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Crimea besieged by Ukraine control of power, water

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posted on Mar, 26 2014 @ 06:14 PM
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Crimea besieged by Ukraine control of power, water


SIMFEROPOL, Crimea (AP) — Within days of Crimea being swallowed up by Russia, the lights began flickering out.
Officials in the peninsula accused Ukraine of halving electricity supplies in order to bully Crimea, which voted earlier this month in a referendum to secede and join Russia.

"Cutting supplies is an attempt by Kiev to blackmail Russia through Crimea," Crimean Prime Minister Sergei Aksyonov wrote on his Twitter account.

Aksyonov's combative reaction reflects a sobering reality for Crimea: the strategic peninsula's overwhelming reliance on electricity and water supplies from mainland Ukraine. The Kiev government, which has been unable to prevent the Russian annexation, still wields a weapon it can use to bargain with its aggressive neighbor.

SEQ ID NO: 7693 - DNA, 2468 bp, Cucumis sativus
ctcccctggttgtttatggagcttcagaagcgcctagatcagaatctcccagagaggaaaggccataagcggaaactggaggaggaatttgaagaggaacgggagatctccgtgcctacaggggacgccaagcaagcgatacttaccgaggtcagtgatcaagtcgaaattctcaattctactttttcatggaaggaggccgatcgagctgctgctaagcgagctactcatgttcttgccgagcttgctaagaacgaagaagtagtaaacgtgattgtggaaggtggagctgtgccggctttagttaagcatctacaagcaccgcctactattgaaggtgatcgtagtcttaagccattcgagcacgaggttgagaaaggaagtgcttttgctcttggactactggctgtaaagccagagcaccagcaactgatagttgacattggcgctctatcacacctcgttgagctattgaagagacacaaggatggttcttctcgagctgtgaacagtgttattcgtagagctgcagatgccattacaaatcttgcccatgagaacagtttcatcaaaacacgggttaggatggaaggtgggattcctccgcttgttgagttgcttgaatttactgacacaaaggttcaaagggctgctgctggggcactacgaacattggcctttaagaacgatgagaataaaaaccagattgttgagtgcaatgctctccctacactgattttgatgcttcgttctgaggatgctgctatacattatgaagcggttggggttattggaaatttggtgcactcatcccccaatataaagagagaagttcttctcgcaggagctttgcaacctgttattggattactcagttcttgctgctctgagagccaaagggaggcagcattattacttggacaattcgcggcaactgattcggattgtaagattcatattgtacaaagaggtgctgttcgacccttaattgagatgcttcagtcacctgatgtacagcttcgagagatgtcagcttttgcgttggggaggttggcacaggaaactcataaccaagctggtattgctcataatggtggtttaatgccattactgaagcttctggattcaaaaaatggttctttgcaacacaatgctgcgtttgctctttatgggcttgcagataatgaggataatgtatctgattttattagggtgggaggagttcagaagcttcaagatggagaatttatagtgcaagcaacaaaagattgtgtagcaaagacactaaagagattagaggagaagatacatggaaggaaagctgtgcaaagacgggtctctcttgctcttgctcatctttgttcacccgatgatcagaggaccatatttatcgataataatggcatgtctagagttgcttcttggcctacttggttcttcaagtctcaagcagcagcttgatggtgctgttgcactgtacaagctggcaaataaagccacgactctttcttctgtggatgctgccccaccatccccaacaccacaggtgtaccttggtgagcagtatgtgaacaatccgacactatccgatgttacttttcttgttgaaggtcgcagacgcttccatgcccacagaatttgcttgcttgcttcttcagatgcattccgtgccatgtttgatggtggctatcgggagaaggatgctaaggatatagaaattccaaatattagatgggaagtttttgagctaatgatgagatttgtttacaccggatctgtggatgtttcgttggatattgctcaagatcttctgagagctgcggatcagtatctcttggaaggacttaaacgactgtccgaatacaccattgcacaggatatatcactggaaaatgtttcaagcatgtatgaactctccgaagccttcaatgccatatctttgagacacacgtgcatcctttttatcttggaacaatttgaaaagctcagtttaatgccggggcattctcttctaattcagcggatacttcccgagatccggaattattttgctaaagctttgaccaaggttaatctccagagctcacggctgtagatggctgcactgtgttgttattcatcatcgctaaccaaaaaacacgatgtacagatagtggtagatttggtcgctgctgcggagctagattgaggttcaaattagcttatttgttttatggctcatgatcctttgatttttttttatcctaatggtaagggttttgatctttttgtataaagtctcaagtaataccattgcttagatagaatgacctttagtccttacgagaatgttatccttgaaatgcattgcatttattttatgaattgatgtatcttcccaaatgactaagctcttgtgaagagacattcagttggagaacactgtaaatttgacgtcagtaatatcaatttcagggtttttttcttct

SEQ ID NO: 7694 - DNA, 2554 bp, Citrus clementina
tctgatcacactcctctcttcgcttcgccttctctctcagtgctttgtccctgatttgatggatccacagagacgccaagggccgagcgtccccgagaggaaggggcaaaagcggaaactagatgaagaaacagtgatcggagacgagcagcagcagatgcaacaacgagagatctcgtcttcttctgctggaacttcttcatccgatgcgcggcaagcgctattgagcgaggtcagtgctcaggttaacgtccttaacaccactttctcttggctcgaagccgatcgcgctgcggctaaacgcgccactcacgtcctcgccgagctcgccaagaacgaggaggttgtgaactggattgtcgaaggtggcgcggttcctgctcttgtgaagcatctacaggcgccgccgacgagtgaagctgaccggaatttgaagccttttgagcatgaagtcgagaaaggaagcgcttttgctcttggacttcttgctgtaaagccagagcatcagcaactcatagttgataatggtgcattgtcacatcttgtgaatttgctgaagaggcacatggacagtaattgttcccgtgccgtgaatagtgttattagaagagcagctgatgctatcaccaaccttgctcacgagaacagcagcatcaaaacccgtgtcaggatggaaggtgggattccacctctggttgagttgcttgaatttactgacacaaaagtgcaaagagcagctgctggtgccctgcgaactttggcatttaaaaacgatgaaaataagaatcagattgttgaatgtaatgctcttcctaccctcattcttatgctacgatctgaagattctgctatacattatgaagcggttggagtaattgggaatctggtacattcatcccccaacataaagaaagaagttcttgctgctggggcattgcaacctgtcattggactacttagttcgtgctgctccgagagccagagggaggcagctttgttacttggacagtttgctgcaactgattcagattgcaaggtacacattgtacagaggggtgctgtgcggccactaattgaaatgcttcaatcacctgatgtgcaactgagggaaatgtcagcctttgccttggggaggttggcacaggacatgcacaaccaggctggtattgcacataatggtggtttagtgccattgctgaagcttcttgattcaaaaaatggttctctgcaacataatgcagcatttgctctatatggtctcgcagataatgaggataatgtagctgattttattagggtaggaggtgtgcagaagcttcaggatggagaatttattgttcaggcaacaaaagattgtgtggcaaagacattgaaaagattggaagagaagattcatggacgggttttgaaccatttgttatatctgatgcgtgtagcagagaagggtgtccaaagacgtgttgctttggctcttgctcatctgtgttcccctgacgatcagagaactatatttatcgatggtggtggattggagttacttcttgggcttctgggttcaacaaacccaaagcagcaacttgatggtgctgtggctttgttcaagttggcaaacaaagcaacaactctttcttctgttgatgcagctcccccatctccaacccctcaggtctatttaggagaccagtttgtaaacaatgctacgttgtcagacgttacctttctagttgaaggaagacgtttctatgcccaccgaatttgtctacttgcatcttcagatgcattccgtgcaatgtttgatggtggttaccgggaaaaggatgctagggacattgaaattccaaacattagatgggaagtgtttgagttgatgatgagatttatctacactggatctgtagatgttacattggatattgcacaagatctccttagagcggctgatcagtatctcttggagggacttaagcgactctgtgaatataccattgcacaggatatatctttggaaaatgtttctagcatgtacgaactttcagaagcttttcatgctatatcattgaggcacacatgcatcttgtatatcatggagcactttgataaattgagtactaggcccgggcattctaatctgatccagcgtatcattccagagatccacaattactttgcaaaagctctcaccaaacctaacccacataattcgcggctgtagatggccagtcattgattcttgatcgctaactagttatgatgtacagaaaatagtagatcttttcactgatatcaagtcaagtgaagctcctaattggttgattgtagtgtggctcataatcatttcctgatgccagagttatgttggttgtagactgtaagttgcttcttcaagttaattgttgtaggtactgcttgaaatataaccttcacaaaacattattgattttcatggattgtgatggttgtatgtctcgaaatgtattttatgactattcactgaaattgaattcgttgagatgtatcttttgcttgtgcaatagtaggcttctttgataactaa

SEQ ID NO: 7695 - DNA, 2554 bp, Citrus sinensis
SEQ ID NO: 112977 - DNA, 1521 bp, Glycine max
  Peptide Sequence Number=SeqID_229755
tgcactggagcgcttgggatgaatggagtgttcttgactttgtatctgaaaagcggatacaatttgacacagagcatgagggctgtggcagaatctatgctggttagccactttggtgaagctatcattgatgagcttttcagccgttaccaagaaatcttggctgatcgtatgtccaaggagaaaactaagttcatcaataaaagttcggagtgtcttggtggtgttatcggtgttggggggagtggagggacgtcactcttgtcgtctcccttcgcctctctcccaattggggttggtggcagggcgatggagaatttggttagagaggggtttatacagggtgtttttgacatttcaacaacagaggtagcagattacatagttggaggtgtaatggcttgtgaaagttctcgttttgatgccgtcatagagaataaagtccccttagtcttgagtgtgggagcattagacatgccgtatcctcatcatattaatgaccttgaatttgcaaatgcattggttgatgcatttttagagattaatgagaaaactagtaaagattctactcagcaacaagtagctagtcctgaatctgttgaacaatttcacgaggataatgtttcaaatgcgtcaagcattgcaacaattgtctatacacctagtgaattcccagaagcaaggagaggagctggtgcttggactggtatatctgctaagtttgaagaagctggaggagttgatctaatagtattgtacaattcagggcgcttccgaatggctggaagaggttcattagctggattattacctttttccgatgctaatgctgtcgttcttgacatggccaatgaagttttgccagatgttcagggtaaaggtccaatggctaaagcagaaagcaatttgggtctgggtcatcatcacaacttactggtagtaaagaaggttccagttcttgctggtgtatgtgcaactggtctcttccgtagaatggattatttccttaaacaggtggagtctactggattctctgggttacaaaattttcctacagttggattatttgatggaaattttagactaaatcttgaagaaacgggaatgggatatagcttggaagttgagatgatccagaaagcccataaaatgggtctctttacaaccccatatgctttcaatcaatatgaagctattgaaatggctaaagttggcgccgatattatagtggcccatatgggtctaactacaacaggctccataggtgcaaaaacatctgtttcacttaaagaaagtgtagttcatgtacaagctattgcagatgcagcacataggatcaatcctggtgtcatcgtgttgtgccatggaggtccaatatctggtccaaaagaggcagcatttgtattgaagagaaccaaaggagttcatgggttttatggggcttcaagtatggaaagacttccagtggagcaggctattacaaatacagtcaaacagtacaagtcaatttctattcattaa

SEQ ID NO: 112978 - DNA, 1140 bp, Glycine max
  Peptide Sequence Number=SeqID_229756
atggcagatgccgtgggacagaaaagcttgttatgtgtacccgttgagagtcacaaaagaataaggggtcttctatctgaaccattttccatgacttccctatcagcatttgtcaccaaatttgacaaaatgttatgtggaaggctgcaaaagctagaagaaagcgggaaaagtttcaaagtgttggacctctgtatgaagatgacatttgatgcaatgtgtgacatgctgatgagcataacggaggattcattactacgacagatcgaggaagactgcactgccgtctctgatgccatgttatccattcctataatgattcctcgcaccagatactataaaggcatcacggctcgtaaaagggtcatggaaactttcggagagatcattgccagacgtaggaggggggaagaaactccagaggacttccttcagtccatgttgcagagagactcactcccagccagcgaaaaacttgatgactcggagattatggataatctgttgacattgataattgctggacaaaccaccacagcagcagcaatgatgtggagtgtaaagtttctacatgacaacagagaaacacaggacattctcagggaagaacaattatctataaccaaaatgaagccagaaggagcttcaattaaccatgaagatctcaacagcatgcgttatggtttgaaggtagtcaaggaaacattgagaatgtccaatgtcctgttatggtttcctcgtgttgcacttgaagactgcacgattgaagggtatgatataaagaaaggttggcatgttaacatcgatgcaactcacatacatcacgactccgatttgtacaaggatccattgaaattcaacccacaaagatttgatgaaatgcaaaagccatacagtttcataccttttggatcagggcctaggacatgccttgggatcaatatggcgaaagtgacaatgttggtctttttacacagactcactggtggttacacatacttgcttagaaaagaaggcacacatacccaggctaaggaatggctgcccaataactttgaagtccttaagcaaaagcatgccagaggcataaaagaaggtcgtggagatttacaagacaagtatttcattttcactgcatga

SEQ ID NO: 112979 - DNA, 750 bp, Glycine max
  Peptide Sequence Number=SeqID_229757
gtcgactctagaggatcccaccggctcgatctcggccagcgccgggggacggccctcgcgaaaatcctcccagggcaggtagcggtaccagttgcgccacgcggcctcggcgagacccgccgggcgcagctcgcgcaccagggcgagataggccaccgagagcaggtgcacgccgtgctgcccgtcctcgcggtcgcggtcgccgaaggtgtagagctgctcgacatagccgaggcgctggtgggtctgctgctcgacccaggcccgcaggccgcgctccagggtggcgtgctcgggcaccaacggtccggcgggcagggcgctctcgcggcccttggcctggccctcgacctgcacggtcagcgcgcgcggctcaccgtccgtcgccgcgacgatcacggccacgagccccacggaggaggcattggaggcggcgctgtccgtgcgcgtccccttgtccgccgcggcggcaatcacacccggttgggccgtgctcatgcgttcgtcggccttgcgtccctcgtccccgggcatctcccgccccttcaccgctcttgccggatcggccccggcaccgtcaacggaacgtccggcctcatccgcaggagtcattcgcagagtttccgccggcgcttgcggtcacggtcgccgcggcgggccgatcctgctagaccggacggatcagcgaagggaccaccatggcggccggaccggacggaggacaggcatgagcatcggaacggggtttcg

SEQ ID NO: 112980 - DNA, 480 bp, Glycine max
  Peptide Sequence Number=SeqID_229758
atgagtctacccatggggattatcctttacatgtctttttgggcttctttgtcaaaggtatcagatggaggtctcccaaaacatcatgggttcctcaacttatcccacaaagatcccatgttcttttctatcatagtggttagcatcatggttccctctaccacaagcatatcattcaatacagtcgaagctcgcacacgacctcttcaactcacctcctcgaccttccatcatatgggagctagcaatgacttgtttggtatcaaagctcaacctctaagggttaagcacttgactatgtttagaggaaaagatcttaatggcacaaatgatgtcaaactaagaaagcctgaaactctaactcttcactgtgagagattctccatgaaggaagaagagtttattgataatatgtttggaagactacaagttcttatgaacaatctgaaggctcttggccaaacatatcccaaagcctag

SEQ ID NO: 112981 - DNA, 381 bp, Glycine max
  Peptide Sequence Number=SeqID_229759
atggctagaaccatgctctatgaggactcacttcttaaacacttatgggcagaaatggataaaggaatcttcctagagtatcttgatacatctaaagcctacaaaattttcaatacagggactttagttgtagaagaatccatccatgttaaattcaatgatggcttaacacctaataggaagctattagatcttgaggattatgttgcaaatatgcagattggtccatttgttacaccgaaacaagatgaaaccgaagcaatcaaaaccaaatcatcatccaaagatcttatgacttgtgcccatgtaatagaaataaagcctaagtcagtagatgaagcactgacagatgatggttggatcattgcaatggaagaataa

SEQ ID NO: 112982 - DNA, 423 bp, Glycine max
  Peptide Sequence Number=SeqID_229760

Crimea currently gets about 80 percent of its electricity and a similar share of its water needs from Ukraine.

But Ukraine also needs to be careful not to hit Crimeans too hard over electricity and water. It cannot afford to be seen hurting ordinary people as it argues that the region remains part of its territory.


Click links for remainder of article...

Personally speaking I think cutting off basic necessities is a bad idea yet at the same time Crimea is the one who held the referendum. Part of me thinks they should have looked at the whole board to see what type of repercussions could result from their hasty actions.